The Starboard Sea by Amber Dermont could become A Separate Peace for a new generation. But, in a coming of age story, what a difference 40 years make!
However similar in setting (New England prep schools) and themes (friendship, betrayal, guilt) they may be, The Starboard Sea isn’t likely to replace A Separate Peace as assigned reading, except in maybe the most progressive of schools – due to the adult activities of the late ’80s teenagers in this novel, who are more sophisticated and are growing up faster (at least, in some ways) than the prep school boys just before World War II in John Knowles’ classic novel. I don’t want to spoil the author’s careful construction of The Starboard Sea by giving away details of the narrative that are revealed over the course of the story, so I’m just going to speak very generally about the plot in this review.
Jason Prosper has washed up at a third-tier prep school on the Massachusetts coast for his senior year (Class of 1988) after the death of his roommate, best friend, and sailing partner at his last boarding school.
For years, I’d been happy to simply experience my life as an extension of Cal’s. Another limb that picked up the slack. While knowing him, I’d always searched for similarities. For anything that might make us interchangeable. Cal and I looked alike. Both of us had wild brown hair that turned woolly when our mothers forgot to have it cut. Our bodies were trim and athletic. We were sporty sailors, lean and lithe, not larded or buff. We walked with the same crooked swagger and low bent knees. Each of us had a cleft in our chin, a weakness in the muscle that we thought made us seem tough. But there were differences. Cal had broken my nose by accident and joked that my face was asymmetrical, that he had caused my good looks to be a millimeter off. I had to agree that he was the movie star and I was the movie star’s stunt double. My eyes were a dull slate gray, Cal’s were magnetic. His eyes were two different colors. One was green. Not hazel or tortoiseshell, but a rain forest green. The other varied from misty gray to violet: his mood eye. My face received comfortable, comforting glances, but people stared at Cal. He commanded an electric attention. The only other physical difference between us was obvious at the end of a summer’s day. Cal’s skin tanned olive brown, and mine turned red with blisters. Cal belonged on a postcard from the Mediterranean. I, on the other hand, would always be Prosper the Lobster. At least, that’s what he called me.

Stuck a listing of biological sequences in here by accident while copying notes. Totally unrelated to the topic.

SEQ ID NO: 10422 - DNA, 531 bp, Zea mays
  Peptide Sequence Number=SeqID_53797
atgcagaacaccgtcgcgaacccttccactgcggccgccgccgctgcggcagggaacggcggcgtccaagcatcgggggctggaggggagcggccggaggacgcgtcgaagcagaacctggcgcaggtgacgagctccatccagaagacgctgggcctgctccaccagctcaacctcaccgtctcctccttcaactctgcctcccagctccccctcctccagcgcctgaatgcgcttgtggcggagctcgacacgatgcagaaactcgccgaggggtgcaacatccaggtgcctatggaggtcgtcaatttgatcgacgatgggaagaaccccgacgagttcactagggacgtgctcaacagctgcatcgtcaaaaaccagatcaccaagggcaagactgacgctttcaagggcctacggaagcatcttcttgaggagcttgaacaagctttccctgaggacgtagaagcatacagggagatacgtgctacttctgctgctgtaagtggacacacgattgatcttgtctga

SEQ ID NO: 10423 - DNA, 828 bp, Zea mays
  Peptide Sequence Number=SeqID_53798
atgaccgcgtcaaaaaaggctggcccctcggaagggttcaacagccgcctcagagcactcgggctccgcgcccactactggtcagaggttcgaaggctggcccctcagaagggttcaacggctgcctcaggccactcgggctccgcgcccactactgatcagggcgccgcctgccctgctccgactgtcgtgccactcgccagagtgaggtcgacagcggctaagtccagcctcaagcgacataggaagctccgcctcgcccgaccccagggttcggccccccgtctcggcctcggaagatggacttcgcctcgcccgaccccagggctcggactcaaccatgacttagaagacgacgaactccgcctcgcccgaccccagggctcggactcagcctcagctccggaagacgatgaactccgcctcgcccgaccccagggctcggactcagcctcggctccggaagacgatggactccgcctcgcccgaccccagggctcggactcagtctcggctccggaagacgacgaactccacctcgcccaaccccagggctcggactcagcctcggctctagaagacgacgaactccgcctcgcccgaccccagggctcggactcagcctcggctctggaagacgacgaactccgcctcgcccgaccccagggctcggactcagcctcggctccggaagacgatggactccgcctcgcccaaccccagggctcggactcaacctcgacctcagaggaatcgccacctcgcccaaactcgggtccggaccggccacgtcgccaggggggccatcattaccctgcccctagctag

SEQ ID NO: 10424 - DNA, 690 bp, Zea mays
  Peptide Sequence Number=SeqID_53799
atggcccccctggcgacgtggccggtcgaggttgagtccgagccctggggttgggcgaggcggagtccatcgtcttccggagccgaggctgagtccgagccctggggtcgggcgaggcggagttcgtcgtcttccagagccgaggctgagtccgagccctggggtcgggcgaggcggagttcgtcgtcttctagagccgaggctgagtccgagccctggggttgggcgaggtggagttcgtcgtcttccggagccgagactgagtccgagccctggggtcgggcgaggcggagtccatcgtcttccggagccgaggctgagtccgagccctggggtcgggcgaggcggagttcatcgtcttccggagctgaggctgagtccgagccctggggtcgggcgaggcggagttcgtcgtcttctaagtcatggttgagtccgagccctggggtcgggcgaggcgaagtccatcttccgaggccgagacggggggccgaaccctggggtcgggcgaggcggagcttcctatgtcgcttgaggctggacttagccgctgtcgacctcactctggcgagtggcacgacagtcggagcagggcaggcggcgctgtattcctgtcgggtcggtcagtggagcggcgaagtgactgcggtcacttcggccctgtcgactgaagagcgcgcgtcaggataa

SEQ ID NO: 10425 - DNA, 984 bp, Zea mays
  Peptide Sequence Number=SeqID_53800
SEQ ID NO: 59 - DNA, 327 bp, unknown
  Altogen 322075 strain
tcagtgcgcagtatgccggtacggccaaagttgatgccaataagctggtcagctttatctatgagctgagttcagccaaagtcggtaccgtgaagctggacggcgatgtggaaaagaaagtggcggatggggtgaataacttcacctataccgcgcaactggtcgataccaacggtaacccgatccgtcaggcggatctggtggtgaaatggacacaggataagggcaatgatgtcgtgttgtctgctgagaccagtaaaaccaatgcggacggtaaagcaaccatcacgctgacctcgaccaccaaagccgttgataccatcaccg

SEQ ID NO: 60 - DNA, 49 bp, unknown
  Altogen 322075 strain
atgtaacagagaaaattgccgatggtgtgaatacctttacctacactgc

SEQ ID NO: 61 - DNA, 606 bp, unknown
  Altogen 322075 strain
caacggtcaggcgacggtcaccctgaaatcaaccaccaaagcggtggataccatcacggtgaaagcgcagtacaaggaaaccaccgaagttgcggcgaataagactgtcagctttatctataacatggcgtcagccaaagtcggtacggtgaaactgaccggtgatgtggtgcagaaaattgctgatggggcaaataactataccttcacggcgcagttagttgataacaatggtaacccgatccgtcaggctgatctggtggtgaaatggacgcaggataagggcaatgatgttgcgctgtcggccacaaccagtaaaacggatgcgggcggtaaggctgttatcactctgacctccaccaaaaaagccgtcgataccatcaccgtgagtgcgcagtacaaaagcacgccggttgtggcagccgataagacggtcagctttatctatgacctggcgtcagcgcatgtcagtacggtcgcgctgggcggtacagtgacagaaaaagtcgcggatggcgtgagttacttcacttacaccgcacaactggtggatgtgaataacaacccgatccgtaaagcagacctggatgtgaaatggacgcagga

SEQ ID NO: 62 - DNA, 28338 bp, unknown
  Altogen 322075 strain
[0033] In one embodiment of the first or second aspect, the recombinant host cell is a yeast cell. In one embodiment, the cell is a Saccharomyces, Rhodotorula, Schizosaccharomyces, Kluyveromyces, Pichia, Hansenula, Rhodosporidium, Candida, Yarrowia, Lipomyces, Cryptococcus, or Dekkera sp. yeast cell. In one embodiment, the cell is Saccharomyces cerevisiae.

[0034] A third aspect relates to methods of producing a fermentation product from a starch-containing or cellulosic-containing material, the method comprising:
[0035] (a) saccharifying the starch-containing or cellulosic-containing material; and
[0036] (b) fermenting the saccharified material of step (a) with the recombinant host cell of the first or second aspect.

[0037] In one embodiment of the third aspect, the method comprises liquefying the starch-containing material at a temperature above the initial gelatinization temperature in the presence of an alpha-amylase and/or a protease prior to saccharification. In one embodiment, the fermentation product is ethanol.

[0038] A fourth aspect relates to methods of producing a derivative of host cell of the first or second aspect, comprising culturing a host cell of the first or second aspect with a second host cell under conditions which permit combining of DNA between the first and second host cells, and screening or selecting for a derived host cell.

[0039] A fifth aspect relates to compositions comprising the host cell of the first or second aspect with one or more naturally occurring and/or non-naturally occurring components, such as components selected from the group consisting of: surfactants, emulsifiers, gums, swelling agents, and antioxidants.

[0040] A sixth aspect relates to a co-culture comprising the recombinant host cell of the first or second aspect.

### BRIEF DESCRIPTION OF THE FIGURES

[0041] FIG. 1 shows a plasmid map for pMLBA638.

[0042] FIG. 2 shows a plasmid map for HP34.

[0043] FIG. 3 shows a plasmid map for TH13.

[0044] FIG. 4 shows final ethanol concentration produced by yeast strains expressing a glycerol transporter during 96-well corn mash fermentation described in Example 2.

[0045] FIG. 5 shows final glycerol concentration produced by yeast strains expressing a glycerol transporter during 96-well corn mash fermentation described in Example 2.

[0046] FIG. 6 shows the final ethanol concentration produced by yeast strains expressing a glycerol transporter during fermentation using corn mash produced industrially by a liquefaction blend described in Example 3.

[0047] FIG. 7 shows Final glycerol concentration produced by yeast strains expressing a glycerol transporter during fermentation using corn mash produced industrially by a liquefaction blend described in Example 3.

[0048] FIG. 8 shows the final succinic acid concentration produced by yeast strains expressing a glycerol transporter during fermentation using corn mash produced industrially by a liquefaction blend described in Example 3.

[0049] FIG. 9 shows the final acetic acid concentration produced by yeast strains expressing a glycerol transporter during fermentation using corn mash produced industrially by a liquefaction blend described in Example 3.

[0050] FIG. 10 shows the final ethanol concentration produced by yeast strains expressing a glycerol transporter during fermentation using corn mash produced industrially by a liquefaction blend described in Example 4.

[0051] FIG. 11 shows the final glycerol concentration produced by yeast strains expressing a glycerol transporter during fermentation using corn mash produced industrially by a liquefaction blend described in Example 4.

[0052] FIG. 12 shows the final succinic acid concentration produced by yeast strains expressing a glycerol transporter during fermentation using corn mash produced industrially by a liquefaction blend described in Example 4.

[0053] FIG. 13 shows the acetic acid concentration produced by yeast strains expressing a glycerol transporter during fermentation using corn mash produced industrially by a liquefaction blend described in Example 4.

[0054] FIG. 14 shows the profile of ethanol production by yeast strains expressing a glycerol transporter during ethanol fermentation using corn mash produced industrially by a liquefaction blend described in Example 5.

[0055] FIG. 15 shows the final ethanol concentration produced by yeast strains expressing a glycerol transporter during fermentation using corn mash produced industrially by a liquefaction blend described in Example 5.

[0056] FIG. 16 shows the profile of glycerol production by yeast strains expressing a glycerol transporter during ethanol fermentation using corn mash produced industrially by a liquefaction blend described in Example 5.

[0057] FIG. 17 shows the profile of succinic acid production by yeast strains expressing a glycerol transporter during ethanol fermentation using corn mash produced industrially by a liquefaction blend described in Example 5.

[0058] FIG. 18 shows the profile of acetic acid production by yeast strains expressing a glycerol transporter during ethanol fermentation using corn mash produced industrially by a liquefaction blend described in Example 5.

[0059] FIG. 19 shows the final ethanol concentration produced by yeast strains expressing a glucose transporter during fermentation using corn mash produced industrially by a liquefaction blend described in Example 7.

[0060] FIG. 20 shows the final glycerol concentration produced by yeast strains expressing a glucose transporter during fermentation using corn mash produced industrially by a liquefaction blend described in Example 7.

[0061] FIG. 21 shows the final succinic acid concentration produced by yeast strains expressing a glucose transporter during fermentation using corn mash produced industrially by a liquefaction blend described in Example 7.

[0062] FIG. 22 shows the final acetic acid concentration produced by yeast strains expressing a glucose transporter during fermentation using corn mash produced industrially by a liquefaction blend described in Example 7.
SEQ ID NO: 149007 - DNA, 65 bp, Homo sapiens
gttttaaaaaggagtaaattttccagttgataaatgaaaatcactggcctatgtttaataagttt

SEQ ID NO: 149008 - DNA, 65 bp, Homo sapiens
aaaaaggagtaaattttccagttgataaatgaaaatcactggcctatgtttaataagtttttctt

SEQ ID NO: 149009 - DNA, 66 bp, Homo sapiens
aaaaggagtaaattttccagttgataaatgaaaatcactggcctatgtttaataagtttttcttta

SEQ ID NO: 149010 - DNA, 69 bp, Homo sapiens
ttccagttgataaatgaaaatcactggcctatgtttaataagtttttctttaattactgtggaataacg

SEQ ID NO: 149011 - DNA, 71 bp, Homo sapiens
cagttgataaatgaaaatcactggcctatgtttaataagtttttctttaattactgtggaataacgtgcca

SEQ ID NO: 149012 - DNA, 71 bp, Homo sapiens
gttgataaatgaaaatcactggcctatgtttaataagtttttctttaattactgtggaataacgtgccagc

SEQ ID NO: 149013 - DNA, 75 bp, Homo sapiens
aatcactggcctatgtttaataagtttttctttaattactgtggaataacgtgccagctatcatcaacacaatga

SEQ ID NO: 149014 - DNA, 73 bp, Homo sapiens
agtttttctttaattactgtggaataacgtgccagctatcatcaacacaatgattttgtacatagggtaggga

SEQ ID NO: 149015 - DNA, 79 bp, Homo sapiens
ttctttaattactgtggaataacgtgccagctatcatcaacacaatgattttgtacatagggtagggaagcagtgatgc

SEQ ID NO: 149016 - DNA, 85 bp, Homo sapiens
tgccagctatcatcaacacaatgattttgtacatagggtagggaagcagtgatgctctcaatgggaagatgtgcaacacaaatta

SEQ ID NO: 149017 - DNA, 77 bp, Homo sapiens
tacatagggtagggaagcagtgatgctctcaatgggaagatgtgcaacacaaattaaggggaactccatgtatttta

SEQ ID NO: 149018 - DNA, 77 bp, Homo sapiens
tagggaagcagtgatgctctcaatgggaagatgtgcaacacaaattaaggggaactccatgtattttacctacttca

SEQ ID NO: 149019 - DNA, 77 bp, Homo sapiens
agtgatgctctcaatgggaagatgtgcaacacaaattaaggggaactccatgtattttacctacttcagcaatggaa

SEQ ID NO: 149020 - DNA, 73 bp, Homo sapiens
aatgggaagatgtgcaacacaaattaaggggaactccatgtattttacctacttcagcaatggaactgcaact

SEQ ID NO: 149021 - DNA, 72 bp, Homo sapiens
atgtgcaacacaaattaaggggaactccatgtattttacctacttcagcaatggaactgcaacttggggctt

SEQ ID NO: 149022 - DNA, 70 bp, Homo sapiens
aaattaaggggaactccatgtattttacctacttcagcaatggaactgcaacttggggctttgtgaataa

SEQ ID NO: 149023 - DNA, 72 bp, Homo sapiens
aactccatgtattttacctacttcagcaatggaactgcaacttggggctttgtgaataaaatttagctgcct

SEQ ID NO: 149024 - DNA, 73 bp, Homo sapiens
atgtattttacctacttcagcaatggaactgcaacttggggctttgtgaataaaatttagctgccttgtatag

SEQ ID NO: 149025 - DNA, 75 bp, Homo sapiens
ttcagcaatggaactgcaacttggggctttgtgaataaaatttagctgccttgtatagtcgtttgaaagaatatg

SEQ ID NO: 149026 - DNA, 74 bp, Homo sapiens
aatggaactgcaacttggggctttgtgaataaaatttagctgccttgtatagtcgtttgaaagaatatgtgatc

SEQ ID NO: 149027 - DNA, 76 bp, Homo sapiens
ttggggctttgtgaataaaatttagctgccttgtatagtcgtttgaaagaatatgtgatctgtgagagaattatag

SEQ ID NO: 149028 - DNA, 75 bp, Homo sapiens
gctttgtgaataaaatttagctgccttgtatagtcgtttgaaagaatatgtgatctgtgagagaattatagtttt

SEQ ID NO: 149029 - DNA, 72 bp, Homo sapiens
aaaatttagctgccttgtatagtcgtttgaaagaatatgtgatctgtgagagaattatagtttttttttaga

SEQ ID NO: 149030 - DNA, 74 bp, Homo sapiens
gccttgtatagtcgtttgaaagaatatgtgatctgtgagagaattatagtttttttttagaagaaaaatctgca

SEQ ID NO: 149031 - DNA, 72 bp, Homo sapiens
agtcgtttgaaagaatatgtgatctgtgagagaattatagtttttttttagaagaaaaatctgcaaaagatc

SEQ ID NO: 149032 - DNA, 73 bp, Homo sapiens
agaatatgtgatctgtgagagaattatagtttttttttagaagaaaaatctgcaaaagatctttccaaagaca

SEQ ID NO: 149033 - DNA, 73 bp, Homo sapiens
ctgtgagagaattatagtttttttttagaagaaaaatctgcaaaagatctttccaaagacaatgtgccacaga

Jason doesn’t get a completely fresh start at Bellingham Academy – where, he explains, “If you could pay, you could stay” – because he’s trailed by rumors, and a couple of old acquaintances have landed there ahead of him. Known to be a gifted sailor, Jason is immediately recruited by the sailing coach, but sailing is a pleasure he can’t allow himself, until joining the team becomes a means to an end other than winning races. Jason restricts himself to explaining nautical terms and how to sail to Aidan, a boat-shy fellow student, a girl with no real friends at Bellingham, whom Jason’s jock buddies ostracize and taunt but Jason secretly befriends.
The tension in The Starboard Sea swells gradually, blending events from the present and the past so well that I never got the impatient (“Tell me the secret already!”) feeling that I sometimes get when the first-person narrator holds back something big. (In addition to A Separate Peace, The Starboard Sea is getting compared in blurbs to The Secret History by Donna Tartt, but I think The Starboard Sea is better.)
If you’re in the mood for atmospheric fiction; you don’t mind a book whose characters aren’t unambiguously good or bad; and the privileges of the wealthy won’t make you so outraged that you won’t want to read about them, I highly recommend The Starboard Sea. I hope the author has the draft of a second novel well underway.
The Starboard Sea
St. Martin’s Press, February 2012